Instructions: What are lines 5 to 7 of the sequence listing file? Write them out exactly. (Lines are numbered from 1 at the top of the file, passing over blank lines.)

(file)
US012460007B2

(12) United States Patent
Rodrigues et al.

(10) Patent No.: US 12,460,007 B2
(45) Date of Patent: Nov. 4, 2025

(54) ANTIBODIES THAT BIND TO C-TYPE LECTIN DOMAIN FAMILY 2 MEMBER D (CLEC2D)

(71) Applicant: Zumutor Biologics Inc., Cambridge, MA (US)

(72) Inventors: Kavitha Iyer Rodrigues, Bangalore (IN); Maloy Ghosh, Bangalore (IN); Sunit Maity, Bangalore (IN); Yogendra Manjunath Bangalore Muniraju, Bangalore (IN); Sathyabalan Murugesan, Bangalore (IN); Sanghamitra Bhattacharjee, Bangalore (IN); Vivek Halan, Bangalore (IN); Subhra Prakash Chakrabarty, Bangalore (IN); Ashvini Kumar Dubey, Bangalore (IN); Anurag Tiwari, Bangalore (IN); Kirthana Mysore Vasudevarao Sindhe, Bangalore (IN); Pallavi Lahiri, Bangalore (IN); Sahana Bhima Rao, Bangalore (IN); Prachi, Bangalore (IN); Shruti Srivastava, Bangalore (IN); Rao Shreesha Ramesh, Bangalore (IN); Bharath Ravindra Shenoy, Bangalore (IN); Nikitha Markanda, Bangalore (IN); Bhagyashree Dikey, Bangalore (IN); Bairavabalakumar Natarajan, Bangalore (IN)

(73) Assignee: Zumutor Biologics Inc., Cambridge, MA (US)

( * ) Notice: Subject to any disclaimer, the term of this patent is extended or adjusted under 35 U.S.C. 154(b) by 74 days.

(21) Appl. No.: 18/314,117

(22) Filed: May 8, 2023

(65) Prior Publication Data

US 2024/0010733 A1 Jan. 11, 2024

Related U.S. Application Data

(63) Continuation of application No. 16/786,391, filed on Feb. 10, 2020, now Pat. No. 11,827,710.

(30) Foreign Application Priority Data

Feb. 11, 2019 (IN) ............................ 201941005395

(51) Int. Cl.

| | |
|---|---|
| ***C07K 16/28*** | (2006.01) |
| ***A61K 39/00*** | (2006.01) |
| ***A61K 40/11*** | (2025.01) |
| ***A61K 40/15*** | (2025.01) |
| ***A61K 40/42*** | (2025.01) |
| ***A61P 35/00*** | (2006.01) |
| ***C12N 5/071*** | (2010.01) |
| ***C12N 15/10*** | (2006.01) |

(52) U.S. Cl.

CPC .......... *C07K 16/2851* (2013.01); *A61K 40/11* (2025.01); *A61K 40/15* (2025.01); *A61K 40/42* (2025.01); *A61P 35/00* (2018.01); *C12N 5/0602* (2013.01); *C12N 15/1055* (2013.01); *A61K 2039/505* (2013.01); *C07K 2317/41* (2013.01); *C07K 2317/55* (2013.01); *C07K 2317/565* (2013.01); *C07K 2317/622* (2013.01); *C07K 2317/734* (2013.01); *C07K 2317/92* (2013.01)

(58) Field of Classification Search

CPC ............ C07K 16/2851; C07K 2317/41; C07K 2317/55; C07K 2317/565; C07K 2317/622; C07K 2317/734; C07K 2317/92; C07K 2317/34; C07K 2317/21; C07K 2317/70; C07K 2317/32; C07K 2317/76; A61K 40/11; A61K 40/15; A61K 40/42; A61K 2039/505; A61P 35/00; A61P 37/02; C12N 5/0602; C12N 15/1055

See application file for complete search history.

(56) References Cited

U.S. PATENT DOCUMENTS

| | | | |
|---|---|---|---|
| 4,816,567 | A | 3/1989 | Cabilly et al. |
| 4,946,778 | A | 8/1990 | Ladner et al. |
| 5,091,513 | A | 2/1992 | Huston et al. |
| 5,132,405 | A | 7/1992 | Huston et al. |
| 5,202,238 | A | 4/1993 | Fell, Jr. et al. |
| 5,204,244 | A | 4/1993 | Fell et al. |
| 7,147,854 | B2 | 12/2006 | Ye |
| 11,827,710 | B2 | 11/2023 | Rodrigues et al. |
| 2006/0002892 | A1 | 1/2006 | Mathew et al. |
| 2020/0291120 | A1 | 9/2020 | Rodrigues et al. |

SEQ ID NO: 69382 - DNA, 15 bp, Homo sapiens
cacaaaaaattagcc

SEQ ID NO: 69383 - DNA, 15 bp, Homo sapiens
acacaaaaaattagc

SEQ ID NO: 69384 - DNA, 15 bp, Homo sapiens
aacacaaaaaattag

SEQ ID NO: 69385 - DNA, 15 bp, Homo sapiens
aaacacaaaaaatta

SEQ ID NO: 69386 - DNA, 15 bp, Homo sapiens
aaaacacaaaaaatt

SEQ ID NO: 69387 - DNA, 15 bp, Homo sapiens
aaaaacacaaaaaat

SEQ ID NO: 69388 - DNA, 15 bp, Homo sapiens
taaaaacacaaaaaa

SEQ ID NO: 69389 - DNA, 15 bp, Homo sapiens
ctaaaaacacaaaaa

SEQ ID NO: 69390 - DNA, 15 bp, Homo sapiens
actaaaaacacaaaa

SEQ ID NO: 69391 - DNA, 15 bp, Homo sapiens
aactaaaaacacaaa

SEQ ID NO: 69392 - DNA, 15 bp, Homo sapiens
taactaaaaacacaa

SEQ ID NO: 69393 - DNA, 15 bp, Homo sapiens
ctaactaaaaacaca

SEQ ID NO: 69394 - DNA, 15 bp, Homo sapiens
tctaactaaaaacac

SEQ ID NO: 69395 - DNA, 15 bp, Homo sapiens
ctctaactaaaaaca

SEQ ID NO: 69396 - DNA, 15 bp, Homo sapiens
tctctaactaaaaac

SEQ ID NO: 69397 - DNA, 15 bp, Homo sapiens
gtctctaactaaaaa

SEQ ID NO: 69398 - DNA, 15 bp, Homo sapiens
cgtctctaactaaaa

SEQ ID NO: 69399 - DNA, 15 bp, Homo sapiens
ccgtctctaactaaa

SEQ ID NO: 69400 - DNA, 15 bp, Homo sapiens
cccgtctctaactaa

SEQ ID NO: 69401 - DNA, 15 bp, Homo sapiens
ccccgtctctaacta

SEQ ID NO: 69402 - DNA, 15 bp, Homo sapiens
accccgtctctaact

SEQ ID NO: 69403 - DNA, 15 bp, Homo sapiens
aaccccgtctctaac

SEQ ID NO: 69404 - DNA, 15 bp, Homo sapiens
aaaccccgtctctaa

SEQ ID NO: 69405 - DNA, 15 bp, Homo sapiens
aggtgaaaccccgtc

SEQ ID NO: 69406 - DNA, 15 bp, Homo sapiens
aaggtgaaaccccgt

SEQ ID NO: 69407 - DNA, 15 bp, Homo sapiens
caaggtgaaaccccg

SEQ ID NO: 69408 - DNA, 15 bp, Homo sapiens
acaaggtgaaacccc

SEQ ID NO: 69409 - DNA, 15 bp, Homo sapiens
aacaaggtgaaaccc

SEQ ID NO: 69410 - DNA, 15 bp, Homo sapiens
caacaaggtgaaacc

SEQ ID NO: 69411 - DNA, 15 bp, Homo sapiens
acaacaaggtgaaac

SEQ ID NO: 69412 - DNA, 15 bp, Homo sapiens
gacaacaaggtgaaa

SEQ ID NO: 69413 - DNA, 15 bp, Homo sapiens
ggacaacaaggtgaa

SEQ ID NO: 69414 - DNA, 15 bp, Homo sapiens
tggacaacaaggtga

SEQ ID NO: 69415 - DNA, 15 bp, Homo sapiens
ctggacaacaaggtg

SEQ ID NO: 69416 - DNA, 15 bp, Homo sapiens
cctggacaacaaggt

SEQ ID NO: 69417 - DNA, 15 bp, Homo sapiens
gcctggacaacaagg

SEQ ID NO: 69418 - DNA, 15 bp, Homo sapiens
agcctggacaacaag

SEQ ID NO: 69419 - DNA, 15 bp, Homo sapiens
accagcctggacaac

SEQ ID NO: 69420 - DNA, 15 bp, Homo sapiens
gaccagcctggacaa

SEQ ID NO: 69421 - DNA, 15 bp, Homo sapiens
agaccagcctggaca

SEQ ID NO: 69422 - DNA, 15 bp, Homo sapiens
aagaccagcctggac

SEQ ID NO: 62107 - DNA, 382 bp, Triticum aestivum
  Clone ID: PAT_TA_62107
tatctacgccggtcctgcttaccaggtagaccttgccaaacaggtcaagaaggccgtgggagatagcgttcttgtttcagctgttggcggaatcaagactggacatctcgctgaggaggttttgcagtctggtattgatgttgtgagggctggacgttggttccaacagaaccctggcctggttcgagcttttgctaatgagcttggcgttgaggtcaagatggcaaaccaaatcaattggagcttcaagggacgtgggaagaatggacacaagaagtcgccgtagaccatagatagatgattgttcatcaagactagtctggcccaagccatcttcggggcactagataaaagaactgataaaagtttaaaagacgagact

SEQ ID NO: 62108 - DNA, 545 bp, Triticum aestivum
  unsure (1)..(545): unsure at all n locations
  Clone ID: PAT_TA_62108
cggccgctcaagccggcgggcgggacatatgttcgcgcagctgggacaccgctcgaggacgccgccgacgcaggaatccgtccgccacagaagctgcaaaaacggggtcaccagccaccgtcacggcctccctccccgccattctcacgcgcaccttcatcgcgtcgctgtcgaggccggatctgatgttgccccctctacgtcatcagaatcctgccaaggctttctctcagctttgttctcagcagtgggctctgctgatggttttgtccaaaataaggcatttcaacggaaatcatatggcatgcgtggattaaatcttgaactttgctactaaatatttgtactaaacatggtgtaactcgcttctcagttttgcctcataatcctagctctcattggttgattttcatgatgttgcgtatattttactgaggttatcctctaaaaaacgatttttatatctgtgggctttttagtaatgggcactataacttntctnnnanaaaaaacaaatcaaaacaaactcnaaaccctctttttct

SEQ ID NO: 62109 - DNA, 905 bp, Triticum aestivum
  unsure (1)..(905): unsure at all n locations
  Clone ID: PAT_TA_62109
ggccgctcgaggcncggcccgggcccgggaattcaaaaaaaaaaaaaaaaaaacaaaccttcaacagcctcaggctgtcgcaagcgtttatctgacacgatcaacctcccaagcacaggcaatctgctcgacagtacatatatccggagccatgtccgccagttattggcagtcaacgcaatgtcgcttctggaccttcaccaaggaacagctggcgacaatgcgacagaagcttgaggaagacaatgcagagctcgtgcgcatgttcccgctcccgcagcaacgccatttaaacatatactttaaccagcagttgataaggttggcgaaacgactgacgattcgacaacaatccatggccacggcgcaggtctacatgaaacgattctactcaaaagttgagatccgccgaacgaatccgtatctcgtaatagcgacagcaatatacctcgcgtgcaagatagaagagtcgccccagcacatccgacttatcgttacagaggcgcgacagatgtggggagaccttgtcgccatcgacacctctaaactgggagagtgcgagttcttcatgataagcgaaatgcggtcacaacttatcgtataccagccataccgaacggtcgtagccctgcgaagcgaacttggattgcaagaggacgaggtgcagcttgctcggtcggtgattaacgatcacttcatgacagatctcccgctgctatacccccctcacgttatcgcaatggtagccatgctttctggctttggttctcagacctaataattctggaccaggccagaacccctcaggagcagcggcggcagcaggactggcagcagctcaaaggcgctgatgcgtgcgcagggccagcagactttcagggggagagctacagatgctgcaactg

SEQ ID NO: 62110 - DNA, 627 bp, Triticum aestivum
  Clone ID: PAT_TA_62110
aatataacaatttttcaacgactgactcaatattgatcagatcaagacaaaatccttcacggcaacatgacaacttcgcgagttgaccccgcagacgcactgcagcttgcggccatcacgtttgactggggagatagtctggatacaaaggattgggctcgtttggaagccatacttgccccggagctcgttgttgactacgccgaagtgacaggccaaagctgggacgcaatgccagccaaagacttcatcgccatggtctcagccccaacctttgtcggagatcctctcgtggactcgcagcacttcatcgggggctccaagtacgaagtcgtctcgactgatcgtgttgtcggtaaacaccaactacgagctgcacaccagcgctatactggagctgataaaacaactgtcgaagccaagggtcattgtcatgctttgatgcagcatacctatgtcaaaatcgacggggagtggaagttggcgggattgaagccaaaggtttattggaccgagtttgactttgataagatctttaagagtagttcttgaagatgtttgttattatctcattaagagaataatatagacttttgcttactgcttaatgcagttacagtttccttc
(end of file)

(45) Date of Patent: Nov. 4, 2025

(54) ANTIBODIES THAT BIND TO C-TYPE LECTIN DOMAIN FAMILY 2 MEMBER D (CLEC2D)

(71) Applicant: Zumutor Biologics Inc., Cambridge, MA (US)